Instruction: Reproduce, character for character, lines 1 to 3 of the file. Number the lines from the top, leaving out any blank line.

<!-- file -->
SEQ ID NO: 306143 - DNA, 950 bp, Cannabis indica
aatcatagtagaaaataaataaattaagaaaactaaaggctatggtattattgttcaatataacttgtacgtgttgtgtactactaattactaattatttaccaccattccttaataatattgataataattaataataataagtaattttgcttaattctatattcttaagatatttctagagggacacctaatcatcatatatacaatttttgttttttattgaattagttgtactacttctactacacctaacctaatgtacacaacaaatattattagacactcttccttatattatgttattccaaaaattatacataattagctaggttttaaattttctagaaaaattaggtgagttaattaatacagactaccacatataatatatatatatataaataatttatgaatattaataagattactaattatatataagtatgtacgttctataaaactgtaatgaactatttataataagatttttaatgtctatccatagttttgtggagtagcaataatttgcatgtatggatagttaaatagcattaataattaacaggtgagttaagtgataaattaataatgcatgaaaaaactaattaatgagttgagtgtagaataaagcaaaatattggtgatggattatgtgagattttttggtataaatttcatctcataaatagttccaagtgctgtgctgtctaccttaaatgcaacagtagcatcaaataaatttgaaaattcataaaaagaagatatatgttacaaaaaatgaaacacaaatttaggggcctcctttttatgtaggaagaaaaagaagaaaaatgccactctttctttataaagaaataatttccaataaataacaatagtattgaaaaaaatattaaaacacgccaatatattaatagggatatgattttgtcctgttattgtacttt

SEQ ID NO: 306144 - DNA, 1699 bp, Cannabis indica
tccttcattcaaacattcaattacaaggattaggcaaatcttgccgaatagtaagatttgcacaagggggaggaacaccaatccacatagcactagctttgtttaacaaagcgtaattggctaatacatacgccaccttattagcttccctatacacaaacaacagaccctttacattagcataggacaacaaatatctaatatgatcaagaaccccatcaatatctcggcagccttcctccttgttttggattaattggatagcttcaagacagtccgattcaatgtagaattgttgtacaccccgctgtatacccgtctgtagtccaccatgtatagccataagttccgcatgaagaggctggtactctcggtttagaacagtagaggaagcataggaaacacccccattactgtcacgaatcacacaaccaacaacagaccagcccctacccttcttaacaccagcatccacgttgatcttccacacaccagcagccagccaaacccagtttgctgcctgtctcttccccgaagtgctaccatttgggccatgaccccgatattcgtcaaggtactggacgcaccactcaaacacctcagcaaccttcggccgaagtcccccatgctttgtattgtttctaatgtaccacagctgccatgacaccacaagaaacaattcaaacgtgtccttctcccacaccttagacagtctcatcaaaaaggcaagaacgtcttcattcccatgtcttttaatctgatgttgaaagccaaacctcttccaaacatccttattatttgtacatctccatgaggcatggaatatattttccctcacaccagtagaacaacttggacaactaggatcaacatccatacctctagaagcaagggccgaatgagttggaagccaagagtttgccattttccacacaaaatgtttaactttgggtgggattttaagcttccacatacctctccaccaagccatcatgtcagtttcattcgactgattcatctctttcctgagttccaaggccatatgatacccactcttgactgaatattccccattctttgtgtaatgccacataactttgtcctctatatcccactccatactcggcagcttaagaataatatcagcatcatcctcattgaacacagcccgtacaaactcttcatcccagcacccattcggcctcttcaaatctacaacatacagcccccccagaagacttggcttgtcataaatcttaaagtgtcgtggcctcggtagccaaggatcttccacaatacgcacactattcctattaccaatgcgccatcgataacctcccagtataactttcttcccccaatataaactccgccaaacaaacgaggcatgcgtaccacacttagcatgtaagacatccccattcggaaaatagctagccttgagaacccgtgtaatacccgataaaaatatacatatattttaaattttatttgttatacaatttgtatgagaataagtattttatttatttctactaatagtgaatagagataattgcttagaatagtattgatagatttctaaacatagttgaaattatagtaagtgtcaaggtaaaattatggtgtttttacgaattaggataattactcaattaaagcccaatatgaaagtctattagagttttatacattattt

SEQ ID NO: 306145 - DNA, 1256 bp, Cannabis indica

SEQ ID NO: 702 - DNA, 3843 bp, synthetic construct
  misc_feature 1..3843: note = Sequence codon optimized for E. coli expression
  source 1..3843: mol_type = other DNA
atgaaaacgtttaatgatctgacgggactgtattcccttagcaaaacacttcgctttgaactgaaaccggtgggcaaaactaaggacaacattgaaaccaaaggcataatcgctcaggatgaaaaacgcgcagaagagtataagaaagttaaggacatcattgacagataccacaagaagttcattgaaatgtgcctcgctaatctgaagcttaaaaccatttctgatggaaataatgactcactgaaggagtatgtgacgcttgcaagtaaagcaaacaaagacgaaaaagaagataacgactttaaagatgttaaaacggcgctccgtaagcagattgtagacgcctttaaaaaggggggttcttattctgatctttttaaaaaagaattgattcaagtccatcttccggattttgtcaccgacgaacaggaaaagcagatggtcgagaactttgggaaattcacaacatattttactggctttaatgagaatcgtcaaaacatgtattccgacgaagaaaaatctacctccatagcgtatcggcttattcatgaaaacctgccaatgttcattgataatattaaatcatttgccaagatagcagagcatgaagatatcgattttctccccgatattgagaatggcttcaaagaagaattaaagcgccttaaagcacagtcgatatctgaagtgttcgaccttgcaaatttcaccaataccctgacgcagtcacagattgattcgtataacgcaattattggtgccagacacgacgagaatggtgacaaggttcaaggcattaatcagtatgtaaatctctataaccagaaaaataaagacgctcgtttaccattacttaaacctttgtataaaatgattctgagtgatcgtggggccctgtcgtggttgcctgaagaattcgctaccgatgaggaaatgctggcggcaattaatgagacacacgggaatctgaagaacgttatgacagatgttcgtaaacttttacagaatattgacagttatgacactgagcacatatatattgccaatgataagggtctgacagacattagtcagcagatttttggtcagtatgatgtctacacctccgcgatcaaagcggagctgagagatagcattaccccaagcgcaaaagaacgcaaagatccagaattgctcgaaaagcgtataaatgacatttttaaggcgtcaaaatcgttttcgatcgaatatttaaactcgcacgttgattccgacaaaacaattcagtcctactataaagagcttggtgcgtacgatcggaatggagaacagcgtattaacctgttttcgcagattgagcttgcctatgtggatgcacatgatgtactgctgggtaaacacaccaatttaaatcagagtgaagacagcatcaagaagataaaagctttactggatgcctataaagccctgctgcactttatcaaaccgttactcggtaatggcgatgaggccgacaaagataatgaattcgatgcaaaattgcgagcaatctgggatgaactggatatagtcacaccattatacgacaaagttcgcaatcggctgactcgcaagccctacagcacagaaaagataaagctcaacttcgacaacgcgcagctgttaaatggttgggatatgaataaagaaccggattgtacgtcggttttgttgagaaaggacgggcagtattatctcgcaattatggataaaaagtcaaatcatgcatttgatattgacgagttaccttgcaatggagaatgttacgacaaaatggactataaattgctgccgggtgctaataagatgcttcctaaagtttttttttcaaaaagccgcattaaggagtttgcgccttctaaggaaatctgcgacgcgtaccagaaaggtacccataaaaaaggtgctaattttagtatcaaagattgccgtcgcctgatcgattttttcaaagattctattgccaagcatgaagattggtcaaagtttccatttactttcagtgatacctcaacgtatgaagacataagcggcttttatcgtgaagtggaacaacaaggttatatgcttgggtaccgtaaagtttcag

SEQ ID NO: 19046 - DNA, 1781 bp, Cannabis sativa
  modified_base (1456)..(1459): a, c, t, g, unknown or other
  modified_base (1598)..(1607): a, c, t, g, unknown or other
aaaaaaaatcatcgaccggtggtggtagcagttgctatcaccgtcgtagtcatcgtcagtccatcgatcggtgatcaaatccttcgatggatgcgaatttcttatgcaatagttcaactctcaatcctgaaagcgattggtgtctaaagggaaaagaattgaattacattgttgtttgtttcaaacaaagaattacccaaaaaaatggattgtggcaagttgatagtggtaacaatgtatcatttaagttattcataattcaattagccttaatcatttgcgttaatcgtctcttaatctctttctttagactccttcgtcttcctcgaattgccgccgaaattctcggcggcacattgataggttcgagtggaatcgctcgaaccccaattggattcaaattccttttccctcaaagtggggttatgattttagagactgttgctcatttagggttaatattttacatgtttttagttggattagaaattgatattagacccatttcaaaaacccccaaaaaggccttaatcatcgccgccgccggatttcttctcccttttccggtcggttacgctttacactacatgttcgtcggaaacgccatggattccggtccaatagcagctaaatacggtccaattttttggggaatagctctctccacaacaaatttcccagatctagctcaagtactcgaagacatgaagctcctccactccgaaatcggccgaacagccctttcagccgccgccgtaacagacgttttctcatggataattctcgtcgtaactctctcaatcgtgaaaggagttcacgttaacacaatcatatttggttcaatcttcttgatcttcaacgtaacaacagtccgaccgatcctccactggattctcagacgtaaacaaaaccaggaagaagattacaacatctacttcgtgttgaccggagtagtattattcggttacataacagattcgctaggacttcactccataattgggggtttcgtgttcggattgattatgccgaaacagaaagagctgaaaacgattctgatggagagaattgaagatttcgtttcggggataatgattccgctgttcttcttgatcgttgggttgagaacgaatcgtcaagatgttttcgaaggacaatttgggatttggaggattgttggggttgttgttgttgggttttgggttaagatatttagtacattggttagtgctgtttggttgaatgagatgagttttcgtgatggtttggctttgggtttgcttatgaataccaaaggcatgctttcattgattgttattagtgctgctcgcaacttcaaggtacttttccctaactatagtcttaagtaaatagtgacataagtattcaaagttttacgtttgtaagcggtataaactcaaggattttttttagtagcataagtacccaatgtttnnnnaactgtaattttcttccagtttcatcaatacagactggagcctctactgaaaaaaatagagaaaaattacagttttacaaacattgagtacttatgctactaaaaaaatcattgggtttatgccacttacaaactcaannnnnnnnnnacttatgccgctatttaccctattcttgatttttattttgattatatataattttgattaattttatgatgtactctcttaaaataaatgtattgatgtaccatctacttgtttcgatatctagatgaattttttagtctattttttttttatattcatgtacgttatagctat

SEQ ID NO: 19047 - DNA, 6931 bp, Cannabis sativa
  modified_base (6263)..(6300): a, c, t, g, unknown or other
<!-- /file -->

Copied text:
SEQ ID NO: 306143 - DNA, 950 bp, Cannabis indica
aatcatagtagaaaataaataaattaagaaaactaaaggctatggtattattgttcaatataacttgtacgtgttgtgtactactaattactaattatttaccaccattccttaataatattgataataattaataataataagtaattttgcttaattctatattcttaagatatttctagagggacacctaatcatcatatatacaatttttgttttttattgaattagttgtactacttctactacacctaacctaatgtacacaacaaatattattagacactcttccttatattatgttattccaaaaattatacataattagctaggttttaaattttctagaaaaattaggtgagttaattaatacagactaccacatataatatatatatatataaataatttatgaatattaataagattactaattatatataagtatgtacgttctataaaactgtaatgaactatttataataagatttttaatgtctatccatagttttgtggagtagcaataatttgcatgtatggatagttaaatagcattaataattaacaggtgagttaagtgataaattaataatgcatgaaaaaactaattaatgagttgagtgtagaataaagcaaaatattggtgatggattatgtgagattttttggtataaatttcatctcataaatagttccaagtgctgtgctgtctaccttaaatgcaacagtagcatcaaataaatttgaaaattcataaaaagaagatatatgttacaaaaaatgaaacacaaatttaggggcctcctttttatgtaggaagaaaaagaagaaaaatgccactctttctttataaagaaataatttccaataaataacaatagtattgaaaaaaatattaaaacacgccaatatattaatagggatatgattttgtcctgttattgtacttt

SEQ ID NO: 306144 - DNA, 1699 bp, Cannabis indica